Presentation on theme: "Why Do They Call It Wireless"— Presentation transcript:
1 Why Do They Call It Wireless Why Do They Call It Wireless? Behind the Radios in Multi-Radio Contest StationsBy Contest Station Builders WorldwideCollected and Edited by Pete Smith, N4ZR
2 The approachIdentify the challenges in the design and construction of complex contest stations (other than antennas).Collect and present solutions from station builders worldwide.Thanks, VE1JF
3 CaveatsSuccessful contest stations come in all varieties, from fully-engineered to “growed like topsy.”There is no single “right way”Presentation based on input from station builders – not comprehensive
4 Neatness is optionalThis is a view of the back side of a very successful, high-tech contest station. I’m not saying whose, but the fact is, I received any number of pictures showing equally messy “back views,” including several I couldn’t distinguish from this one. Whoever you are, you ARE not alone.
5 Challenge – Basic design decisions “Architecture” choicesDegree of automation.Location of physical antenna switching/phasing.Layout of operating position and cable runs
6 Solutions Full automatic/remote RF switching Hybrid approach Manual 2X6 6X2 switchingOther manual approachesMechanical switch w/interlockPatch panelCables on the floor
7 Footnote – What is 2X6 6X2 switching? “Industry standard” automation – highest isolation, either rig connects to all antennas, fail-safeSix-Pack switching uses just the left side – lower isolation but study suggests it is not the limiting factor in the real world.Courtesy Top Ten Devices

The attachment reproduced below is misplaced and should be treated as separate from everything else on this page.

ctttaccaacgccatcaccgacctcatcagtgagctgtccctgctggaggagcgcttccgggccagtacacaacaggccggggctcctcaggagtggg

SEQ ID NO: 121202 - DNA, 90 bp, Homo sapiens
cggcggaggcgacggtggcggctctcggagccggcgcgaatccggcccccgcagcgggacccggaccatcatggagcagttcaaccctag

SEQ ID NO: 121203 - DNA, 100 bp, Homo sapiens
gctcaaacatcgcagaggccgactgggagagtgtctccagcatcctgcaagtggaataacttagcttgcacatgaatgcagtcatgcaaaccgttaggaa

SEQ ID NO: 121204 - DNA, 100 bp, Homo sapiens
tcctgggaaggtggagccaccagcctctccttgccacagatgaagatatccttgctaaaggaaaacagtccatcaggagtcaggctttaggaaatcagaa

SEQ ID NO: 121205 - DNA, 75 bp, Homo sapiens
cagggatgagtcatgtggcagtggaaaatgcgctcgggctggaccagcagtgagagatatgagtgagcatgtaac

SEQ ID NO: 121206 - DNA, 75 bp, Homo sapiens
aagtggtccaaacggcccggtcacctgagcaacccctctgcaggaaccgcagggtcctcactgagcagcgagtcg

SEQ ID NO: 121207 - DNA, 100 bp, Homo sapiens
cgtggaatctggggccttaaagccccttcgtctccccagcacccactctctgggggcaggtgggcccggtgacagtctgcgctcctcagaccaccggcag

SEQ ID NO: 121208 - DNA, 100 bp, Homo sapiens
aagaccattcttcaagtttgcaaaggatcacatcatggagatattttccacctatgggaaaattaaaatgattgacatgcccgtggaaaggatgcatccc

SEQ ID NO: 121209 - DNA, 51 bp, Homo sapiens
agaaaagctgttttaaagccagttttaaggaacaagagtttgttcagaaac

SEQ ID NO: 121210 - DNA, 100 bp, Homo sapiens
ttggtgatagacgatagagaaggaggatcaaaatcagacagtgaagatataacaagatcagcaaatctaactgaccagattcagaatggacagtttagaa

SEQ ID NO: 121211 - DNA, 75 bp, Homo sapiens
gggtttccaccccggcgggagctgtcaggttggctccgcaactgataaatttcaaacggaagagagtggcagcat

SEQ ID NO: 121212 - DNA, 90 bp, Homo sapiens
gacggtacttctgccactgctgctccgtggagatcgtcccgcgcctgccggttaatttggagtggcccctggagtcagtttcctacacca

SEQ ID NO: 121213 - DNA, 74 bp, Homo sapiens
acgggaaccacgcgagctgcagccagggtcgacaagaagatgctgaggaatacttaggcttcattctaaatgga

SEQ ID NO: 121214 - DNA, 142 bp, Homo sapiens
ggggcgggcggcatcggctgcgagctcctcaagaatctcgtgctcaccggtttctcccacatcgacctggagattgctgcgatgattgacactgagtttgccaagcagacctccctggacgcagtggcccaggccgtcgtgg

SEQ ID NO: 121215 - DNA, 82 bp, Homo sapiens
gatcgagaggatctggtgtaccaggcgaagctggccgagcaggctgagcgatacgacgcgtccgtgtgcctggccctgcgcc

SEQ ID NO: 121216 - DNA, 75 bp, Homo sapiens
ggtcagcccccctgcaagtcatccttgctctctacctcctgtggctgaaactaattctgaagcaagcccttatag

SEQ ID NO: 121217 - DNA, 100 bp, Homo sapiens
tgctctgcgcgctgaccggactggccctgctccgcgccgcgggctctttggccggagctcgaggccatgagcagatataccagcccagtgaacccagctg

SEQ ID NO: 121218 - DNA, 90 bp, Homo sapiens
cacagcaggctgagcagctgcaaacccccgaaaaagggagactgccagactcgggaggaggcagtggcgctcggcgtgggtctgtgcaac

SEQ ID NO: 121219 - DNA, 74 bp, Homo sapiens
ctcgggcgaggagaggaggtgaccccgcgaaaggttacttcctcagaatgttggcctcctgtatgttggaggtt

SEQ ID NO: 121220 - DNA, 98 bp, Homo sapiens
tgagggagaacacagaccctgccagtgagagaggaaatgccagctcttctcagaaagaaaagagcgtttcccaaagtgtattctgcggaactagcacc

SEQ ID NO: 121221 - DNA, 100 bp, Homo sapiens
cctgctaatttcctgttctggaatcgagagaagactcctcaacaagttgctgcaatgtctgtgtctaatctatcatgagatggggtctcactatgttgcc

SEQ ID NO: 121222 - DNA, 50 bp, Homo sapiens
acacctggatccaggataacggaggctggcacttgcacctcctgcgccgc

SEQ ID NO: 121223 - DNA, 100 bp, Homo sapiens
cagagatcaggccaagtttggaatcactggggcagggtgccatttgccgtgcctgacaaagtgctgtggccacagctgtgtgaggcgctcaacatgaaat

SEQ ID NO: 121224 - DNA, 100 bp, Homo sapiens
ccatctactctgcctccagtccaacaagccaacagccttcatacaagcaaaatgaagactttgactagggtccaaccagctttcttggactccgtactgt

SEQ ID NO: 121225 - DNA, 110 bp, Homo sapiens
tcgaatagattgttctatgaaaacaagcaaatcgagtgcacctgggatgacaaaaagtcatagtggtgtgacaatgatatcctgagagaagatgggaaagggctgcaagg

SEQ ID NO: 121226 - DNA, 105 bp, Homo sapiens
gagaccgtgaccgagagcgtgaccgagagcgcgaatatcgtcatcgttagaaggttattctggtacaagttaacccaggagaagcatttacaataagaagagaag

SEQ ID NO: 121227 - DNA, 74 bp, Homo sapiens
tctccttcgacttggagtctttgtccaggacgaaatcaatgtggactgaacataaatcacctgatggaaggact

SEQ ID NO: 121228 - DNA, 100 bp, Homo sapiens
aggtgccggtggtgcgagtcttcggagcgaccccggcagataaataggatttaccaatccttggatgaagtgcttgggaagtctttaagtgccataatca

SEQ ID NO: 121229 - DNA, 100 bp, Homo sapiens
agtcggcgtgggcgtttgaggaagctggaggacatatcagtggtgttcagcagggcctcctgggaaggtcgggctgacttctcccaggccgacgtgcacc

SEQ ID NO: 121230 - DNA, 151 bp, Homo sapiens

8 Full automation/remote RF switching SO2R switching and antenna selection done remotely, but controlled from the operating position. Maximum computer integration. Cable for data, not RF.Backup manual systems or spares are essential.
9 For Example …. K4JAUtter simplicity – belies what is under the covers.
10 Equally simple from the back View is in wiring closet that extends across back of all op positions. Amps and SO2R switching are in closet. Cables include amp control, one band data line to SO2R panel, rotator control cable, AC power. Antenna switching still to come.K4JA
11 But lots of hardware required to support the up-front simplicity Bandpass filters, 2 6-way relay boxes, 6 A/B selectors(no antennas connected to A/B boxes yet)K4JA
13 Remote antenna selection More remote relay boxes, switched from operating position, or…Stackmatches or equivalent, similarly controlledKC1XX
14 Hybrid approach Most stations have been evolving for years. Can’t always do everything at once.
15 For example …. W9REAs everyone knows, Mike’s been at the complex station game a long time.A/B switching is automated now, but selection of antennas remains manual, and all the switches are at the operating position.
16 Homebrew 6X2 relay boxUnder the operating tableW9RE
18 Manual 2X6 6X2 switching … KQ2M Operationally equivalent to the full-auto arrangement, but all manual.Risk of error, fatigue is the big drawback. No interlock in A/B selection.KQ2M
19 A Scottish solution GM4AFF Stewart has kindly marked the switches – the interlock is mechanical, so that only 1 from radio 1 and 1 from radio 2 can be selected at one time. Relay box wiring prevents both being on the same band.GM4AFF